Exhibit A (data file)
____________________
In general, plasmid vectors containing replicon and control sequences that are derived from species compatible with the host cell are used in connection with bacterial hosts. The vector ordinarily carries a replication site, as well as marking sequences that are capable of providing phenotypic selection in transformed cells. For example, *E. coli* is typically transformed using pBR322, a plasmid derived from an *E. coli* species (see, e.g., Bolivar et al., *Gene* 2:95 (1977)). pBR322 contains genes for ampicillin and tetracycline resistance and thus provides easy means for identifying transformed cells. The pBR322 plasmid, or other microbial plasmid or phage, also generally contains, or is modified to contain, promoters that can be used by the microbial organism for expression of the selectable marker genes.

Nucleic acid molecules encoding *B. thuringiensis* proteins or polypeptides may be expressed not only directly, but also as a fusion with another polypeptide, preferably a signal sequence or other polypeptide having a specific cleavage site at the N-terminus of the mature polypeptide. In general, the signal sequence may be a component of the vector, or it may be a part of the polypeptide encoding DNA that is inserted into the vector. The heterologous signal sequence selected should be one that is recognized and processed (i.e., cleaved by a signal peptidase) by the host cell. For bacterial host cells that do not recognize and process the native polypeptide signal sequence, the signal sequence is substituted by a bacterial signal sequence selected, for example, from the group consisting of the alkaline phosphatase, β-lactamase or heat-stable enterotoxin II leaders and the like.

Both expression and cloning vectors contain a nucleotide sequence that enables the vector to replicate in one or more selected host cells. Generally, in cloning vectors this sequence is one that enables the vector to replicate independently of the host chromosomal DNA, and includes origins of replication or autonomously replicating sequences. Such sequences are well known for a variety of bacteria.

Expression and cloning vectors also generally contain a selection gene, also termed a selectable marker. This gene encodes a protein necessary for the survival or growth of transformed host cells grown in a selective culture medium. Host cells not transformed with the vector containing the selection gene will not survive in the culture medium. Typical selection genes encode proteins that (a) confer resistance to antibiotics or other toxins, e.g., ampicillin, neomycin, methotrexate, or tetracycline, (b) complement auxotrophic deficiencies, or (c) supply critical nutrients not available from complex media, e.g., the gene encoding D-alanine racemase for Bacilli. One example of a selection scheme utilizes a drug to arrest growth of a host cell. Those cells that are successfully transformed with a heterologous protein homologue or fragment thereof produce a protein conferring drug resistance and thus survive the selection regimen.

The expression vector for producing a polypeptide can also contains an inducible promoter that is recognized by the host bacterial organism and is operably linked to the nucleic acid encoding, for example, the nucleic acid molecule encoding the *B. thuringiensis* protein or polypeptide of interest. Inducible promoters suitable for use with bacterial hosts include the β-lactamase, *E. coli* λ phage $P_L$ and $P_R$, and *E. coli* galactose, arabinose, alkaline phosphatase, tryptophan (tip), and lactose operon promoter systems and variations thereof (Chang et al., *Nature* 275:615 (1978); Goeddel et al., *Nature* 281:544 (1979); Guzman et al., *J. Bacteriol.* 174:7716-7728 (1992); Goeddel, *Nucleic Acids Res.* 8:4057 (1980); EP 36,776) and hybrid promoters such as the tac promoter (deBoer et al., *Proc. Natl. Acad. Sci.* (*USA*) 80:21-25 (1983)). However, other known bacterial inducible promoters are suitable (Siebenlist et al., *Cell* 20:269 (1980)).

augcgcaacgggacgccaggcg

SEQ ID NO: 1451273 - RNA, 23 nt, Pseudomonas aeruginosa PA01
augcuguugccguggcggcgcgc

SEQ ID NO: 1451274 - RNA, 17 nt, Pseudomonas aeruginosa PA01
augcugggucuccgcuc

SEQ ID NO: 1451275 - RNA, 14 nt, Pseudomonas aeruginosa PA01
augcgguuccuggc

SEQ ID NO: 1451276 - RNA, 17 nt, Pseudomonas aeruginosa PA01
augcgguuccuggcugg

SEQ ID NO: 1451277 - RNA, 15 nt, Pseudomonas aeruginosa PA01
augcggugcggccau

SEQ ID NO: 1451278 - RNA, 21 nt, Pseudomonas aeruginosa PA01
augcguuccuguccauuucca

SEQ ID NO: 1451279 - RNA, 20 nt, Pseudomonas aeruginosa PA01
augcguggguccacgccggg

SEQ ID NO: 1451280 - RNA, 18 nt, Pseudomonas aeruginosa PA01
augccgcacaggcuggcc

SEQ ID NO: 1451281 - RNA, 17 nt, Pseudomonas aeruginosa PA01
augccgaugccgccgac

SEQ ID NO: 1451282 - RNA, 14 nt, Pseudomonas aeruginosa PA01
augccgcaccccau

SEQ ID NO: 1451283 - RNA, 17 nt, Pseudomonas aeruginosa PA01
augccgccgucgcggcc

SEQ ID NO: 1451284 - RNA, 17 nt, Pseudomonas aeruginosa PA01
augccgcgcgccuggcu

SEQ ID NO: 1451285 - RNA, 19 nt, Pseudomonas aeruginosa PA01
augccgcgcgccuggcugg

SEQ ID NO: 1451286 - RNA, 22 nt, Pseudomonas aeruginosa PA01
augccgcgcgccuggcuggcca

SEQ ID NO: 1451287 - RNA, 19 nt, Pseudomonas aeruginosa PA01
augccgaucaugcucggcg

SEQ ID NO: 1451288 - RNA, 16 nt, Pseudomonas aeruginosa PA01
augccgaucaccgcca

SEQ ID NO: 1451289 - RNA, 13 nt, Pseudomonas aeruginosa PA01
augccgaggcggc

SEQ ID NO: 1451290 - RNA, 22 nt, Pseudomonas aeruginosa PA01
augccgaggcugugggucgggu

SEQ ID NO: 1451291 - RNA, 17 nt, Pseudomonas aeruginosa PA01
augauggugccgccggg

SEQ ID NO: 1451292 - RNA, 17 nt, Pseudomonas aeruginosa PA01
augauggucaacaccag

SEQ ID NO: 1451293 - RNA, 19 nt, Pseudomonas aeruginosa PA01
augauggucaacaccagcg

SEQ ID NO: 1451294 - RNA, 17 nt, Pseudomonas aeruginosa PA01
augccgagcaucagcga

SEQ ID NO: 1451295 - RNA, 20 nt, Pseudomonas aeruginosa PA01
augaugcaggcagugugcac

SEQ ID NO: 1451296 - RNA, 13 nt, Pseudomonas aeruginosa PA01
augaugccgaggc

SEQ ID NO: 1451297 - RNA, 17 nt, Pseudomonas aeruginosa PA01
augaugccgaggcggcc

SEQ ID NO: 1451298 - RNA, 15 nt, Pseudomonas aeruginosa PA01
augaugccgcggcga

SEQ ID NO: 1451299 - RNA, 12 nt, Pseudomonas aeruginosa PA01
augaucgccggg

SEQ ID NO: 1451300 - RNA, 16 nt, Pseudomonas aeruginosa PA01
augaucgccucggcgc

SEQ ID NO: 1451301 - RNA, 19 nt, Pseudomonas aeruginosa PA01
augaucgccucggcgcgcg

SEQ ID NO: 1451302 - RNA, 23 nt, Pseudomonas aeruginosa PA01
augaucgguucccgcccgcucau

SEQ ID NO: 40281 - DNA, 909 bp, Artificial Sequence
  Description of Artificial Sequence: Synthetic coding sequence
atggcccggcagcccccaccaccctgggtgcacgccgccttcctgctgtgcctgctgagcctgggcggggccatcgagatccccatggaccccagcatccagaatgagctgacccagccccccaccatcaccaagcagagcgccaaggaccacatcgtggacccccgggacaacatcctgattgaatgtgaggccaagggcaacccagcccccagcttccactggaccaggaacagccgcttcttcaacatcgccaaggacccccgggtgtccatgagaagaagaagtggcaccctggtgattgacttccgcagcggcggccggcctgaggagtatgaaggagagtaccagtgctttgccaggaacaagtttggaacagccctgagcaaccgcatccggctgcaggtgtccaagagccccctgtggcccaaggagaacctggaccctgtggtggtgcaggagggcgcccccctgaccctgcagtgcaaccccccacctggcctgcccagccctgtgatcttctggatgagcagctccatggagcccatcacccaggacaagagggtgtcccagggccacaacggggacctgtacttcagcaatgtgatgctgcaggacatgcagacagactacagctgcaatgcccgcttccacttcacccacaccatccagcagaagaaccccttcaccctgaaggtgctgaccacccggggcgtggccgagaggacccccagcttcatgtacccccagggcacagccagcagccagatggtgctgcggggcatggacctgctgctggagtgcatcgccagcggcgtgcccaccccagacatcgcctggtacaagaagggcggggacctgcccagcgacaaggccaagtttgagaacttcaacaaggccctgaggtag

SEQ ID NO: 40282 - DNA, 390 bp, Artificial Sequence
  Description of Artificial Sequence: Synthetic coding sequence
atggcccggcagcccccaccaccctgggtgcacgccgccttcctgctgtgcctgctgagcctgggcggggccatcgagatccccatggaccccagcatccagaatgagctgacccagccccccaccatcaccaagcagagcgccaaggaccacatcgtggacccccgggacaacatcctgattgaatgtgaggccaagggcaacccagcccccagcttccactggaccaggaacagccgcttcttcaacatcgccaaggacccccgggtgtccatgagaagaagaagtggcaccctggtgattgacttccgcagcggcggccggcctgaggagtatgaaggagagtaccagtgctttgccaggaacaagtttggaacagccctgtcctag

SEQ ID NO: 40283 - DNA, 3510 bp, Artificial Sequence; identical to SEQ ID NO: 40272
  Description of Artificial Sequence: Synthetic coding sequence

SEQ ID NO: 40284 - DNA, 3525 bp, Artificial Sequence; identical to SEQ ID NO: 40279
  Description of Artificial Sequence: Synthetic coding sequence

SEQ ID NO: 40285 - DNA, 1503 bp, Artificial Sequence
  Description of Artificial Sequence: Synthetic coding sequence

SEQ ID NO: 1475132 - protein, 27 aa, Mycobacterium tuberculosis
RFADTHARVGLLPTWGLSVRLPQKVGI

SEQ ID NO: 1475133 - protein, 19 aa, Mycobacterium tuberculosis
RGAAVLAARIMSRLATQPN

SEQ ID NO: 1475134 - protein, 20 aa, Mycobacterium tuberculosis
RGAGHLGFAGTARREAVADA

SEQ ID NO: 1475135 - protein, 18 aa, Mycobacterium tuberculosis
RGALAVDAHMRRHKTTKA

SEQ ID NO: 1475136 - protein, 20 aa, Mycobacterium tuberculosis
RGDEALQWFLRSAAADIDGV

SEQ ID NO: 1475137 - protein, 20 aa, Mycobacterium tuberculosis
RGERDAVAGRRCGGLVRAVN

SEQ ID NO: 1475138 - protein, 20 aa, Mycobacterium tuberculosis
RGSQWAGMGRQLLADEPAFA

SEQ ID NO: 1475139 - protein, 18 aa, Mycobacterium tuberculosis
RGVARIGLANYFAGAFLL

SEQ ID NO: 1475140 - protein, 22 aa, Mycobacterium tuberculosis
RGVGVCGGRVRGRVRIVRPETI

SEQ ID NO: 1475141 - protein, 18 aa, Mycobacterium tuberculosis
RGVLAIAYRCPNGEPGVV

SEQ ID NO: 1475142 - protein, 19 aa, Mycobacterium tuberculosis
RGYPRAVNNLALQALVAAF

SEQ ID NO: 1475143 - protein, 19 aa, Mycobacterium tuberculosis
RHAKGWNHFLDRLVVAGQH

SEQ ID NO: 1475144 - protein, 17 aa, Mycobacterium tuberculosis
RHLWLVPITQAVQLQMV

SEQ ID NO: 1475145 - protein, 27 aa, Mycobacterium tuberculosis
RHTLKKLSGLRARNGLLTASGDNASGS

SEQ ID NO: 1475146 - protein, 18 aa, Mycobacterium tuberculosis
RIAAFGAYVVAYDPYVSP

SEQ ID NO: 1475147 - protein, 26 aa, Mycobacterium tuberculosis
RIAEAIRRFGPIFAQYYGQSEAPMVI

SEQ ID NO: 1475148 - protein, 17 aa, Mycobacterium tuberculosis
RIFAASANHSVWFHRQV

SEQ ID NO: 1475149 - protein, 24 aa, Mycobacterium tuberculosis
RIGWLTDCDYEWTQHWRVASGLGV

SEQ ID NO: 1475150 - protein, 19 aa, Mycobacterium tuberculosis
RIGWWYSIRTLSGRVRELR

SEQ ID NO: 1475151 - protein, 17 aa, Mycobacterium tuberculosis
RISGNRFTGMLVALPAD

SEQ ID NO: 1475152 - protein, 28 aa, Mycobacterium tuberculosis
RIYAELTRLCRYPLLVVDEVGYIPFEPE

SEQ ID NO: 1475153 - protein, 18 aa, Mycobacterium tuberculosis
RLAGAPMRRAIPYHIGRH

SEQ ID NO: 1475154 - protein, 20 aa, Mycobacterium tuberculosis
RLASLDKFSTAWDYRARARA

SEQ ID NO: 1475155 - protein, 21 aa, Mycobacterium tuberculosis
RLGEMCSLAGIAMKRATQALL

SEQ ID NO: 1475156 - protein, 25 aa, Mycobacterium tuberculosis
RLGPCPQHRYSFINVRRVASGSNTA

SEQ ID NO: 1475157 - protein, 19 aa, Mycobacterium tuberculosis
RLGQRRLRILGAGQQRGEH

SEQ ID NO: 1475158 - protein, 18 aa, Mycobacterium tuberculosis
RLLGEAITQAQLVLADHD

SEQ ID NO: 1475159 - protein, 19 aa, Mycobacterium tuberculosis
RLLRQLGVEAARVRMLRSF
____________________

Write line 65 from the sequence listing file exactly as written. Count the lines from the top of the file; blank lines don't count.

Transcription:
SEQ ID NO: 1451302 - RNA, 23 nt, Pseudomonas aeruginosa PA01